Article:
SUMMER 2014 www.DFInews.com 17
not on a network server with your mobile provider or your company.
Advancements in the way we communicate are
creating new types of mobile data. The communication methods extend beyond standard SMS/
MMS and e-mail to application-based communication. The increased SMS transmission costs,
cross platform usage, and the adoption of social
media and applications are driving alternative
options. Today 70% of smart device users use
alternative forms of messaging via applications.
In today’s Big Data world, the ability to search
and recover mobile data from applications on
smart devices is difficult and often limited using
the current mobile solutions. Research shows
that only 5 to 10% of the entire user data area is
examined by typical mobile forensics tools. This
leaves 95% of application data unanalyzed, and
a lot of times uncollected. Most MDM solutions
used by corporations for threat detection and
device governance do not manage or analyze the
personal applications in a BYOD scenario. The
net result shows that most organizations have
minimal insight into their mobile application
data and the overall mobile data set.
Current software tools simply extract contacts,
SMS/MMS, call logs, media, and possibly e-mail.
Some go as far as capturing URL and browser
data, Wi-Fi information, and some applications.
As for analyzing applications data, most solutions
allow the parsing of select applications, limited
to about .002% of all applications available. In
other words, the average forensic tool supports
about 30 applications out of a total of 1.6 million
iOS and Android apps. Of those 30 applica-
tions, the forensic solution is at the mercy of the
developers’ upgrades, schema changes, and table
changes. With these ongoing updates, the appli-
cation is no longer supported by the forensic tool
and further technical development is needed.
Another mobile challenge finds forensic
applications lacking the capabilities in looking
for IP addresses, data traffic, or other metadata.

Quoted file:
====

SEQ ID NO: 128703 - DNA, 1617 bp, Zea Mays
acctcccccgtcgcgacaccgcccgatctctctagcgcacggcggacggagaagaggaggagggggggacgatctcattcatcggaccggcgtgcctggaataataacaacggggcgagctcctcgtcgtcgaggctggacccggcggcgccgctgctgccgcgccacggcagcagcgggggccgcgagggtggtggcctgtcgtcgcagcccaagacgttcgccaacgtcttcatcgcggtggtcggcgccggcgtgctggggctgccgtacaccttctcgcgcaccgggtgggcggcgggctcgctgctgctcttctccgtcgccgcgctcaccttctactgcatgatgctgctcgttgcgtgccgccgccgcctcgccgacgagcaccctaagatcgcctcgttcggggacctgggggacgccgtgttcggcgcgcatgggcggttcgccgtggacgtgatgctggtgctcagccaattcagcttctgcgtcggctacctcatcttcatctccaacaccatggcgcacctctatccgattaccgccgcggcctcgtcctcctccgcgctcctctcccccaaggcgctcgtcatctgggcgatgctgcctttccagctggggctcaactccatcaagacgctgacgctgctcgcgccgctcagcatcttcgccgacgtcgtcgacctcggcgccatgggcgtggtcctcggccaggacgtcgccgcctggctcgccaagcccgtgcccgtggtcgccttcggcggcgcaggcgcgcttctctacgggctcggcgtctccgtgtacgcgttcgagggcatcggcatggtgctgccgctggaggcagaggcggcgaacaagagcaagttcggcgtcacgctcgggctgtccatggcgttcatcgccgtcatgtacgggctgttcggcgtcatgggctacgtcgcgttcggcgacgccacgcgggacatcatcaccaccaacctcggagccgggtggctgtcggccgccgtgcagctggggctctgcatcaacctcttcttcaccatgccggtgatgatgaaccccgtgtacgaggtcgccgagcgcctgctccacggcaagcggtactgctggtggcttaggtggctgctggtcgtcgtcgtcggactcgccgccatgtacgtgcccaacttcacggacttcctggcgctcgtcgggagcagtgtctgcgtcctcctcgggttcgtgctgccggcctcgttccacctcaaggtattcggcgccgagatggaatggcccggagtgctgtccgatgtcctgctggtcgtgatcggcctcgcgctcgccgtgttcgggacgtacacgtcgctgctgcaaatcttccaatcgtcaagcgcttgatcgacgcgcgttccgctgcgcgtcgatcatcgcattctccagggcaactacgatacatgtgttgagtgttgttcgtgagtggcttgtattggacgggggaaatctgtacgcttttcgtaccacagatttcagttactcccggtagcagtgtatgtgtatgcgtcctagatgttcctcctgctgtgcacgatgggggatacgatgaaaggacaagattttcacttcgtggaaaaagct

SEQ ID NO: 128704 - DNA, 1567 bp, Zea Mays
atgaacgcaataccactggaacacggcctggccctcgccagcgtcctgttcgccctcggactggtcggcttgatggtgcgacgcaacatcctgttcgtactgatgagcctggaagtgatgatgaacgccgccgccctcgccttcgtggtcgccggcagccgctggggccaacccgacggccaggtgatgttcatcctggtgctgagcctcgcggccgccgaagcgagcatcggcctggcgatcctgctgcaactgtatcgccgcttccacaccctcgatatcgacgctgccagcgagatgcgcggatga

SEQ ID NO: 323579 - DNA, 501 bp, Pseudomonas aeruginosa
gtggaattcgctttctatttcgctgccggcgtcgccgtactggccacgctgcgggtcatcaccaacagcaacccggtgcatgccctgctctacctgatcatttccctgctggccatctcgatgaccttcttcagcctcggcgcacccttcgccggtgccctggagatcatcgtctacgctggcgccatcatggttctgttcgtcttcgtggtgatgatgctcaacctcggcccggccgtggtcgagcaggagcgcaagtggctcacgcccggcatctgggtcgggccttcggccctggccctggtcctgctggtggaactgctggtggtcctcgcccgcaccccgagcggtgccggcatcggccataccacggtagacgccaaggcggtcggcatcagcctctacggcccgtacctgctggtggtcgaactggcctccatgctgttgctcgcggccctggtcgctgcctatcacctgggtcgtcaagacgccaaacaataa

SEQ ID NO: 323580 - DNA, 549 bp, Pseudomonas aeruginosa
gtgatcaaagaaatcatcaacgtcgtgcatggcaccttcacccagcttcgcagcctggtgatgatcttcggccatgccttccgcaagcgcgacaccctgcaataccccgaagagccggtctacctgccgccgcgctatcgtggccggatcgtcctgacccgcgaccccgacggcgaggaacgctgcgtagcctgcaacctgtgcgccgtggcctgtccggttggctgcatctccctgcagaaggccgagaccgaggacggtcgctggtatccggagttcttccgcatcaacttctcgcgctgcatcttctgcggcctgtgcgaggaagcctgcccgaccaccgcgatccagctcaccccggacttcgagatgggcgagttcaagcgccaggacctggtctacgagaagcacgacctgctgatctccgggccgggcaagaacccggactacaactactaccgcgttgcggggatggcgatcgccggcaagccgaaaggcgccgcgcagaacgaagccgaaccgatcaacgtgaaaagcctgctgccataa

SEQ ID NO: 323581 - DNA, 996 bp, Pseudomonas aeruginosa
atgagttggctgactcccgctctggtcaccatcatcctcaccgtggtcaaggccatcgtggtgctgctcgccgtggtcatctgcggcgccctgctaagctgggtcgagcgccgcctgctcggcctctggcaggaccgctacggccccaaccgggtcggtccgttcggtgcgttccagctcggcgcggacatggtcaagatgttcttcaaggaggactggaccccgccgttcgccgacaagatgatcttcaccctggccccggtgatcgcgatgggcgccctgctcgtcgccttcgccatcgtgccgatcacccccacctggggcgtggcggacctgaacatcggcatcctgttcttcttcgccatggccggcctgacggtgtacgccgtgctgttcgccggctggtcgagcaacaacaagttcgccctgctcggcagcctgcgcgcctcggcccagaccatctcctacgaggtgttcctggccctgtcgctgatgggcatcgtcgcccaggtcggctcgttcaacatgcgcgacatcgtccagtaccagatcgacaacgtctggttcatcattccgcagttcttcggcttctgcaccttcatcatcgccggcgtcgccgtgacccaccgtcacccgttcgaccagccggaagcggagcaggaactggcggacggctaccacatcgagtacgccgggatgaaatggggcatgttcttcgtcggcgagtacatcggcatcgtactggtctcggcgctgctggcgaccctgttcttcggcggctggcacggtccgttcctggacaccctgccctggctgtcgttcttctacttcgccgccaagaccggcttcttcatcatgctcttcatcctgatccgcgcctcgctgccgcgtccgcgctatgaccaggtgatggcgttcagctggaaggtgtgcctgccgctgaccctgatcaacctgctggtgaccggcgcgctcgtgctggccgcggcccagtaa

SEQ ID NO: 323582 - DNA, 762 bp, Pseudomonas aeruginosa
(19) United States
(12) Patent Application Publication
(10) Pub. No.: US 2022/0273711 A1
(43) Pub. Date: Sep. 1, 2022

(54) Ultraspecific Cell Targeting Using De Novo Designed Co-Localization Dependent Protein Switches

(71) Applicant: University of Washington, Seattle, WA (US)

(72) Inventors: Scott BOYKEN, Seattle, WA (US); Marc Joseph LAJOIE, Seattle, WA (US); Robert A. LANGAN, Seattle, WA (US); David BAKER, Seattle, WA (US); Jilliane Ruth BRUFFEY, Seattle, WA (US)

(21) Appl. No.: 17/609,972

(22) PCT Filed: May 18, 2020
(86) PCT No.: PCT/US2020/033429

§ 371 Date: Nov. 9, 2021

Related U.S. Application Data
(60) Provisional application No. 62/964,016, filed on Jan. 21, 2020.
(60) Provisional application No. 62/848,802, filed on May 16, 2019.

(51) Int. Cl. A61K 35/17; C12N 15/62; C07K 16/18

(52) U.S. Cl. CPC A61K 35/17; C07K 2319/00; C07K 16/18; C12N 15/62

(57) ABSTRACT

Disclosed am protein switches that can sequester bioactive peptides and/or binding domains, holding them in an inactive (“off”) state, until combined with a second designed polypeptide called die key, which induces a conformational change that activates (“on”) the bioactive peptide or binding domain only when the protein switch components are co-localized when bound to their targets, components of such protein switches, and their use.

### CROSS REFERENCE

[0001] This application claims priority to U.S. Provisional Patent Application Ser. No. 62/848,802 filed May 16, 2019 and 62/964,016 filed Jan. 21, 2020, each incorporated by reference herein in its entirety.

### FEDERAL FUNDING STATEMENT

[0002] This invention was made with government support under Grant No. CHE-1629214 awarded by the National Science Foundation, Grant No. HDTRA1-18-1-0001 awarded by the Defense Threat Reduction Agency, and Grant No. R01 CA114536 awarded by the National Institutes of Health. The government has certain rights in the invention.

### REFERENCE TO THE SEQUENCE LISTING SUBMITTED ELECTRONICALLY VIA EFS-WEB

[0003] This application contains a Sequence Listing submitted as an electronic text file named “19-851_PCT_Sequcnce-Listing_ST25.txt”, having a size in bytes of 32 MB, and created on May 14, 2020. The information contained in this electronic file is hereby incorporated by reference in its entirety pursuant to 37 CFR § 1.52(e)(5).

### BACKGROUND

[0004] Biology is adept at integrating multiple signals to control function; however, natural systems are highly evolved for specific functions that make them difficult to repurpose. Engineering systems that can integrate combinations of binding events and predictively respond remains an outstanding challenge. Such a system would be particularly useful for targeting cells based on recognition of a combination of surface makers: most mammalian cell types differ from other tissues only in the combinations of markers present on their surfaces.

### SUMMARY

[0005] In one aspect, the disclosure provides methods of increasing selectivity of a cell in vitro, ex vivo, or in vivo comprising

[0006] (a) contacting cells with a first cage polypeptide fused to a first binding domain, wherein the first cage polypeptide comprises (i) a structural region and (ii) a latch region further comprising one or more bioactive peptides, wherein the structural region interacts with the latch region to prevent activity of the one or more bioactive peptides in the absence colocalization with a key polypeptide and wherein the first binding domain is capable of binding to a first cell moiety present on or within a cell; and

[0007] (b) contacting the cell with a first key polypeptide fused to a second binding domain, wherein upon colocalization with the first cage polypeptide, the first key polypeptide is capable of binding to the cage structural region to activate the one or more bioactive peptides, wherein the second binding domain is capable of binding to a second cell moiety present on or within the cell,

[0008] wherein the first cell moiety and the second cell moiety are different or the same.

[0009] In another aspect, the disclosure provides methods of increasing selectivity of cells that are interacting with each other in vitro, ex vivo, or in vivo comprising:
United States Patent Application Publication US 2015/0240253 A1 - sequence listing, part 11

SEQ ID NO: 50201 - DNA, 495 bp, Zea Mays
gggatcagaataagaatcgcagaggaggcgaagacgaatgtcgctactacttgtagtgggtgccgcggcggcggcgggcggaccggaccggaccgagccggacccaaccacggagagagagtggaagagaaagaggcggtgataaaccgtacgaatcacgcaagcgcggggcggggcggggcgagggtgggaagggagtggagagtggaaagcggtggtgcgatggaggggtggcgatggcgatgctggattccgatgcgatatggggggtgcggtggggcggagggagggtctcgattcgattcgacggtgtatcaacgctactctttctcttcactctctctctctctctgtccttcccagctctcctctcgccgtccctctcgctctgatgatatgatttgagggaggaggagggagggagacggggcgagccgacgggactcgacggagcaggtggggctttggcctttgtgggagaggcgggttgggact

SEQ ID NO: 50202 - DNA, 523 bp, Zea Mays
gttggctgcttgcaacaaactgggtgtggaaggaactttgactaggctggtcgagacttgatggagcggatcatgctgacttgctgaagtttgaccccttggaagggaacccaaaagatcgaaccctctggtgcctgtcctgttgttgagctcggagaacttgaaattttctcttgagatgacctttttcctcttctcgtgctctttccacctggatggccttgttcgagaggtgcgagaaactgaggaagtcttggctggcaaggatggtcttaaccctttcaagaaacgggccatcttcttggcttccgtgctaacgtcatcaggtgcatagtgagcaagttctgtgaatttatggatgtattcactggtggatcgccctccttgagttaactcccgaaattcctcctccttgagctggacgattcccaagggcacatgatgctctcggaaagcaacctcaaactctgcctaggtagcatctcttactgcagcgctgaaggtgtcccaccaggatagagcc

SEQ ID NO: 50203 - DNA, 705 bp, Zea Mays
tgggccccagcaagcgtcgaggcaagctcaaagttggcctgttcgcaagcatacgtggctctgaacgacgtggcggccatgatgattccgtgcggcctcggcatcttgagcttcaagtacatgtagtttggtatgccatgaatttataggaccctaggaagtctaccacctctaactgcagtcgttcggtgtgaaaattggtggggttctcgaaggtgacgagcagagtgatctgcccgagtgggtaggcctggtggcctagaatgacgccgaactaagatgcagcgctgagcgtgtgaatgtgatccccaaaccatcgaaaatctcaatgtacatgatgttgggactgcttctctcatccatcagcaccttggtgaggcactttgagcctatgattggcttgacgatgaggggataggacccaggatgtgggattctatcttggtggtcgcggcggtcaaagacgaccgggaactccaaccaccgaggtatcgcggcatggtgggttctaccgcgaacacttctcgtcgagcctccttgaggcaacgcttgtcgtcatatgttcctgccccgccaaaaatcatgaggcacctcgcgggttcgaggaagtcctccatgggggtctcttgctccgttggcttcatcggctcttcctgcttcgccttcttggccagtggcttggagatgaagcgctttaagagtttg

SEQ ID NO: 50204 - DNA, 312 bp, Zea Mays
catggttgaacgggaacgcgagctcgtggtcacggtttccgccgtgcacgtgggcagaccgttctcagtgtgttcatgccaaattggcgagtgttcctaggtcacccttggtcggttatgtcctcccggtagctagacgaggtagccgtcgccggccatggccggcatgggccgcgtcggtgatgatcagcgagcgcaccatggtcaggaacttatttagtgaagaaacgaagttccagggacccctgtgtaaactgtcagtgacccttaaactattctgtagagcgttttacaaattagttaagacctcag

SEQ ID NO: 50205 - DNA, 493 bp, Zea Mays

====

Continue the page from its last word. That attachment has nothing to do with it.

This becomes the Achilles heel for investiga-
tors. Their fleet of mobile devices is susceptible
to potential malware and threats, resulting in
a greater need for incident response (IR) tools.
Most investigators lack the IR expertise and tools
to resolve issues and scan for unknown, critical
threats. If undetected, the malware infected
device sets up additional vulnerabilities across
the company’s networks and environments. Add
to that the difficulty in detecting, collecting, and
analyzing mobile data then incorporating it into
the overall incident response investigation.
With the explosive increase in mobile usage
and applications, mobile data grows exponentially. So, what can organizations do to advance
their mobile forensics in order to manage the
vast amounts of important mobile data? First,
organizations need to invest in advanced mobile
forensic solutions to handle the most sophisticated investigations and analyze the plethora of
data on the mobile devices, applications, communications apps, and social media. New forensic
strategies, solutions, and advanced training of
examiners must be implemented and ranked as
an organization’s highest priority. Forensic tools
must include new capabilities to process the volume of mobile data that is stored and transmitted
as well as the volume of devices encountered.
Lee Reiber is Vice President of Mobile Forensic
Solutions for the AccessData Group.
Research shows that only 5 to
10% of the entire user data area is
examined by typical mobile forensics
tools. This leaves 95% of application
data unanalyzed, and a lot of times
Watch Lee Reiber’s recent
webinars on demand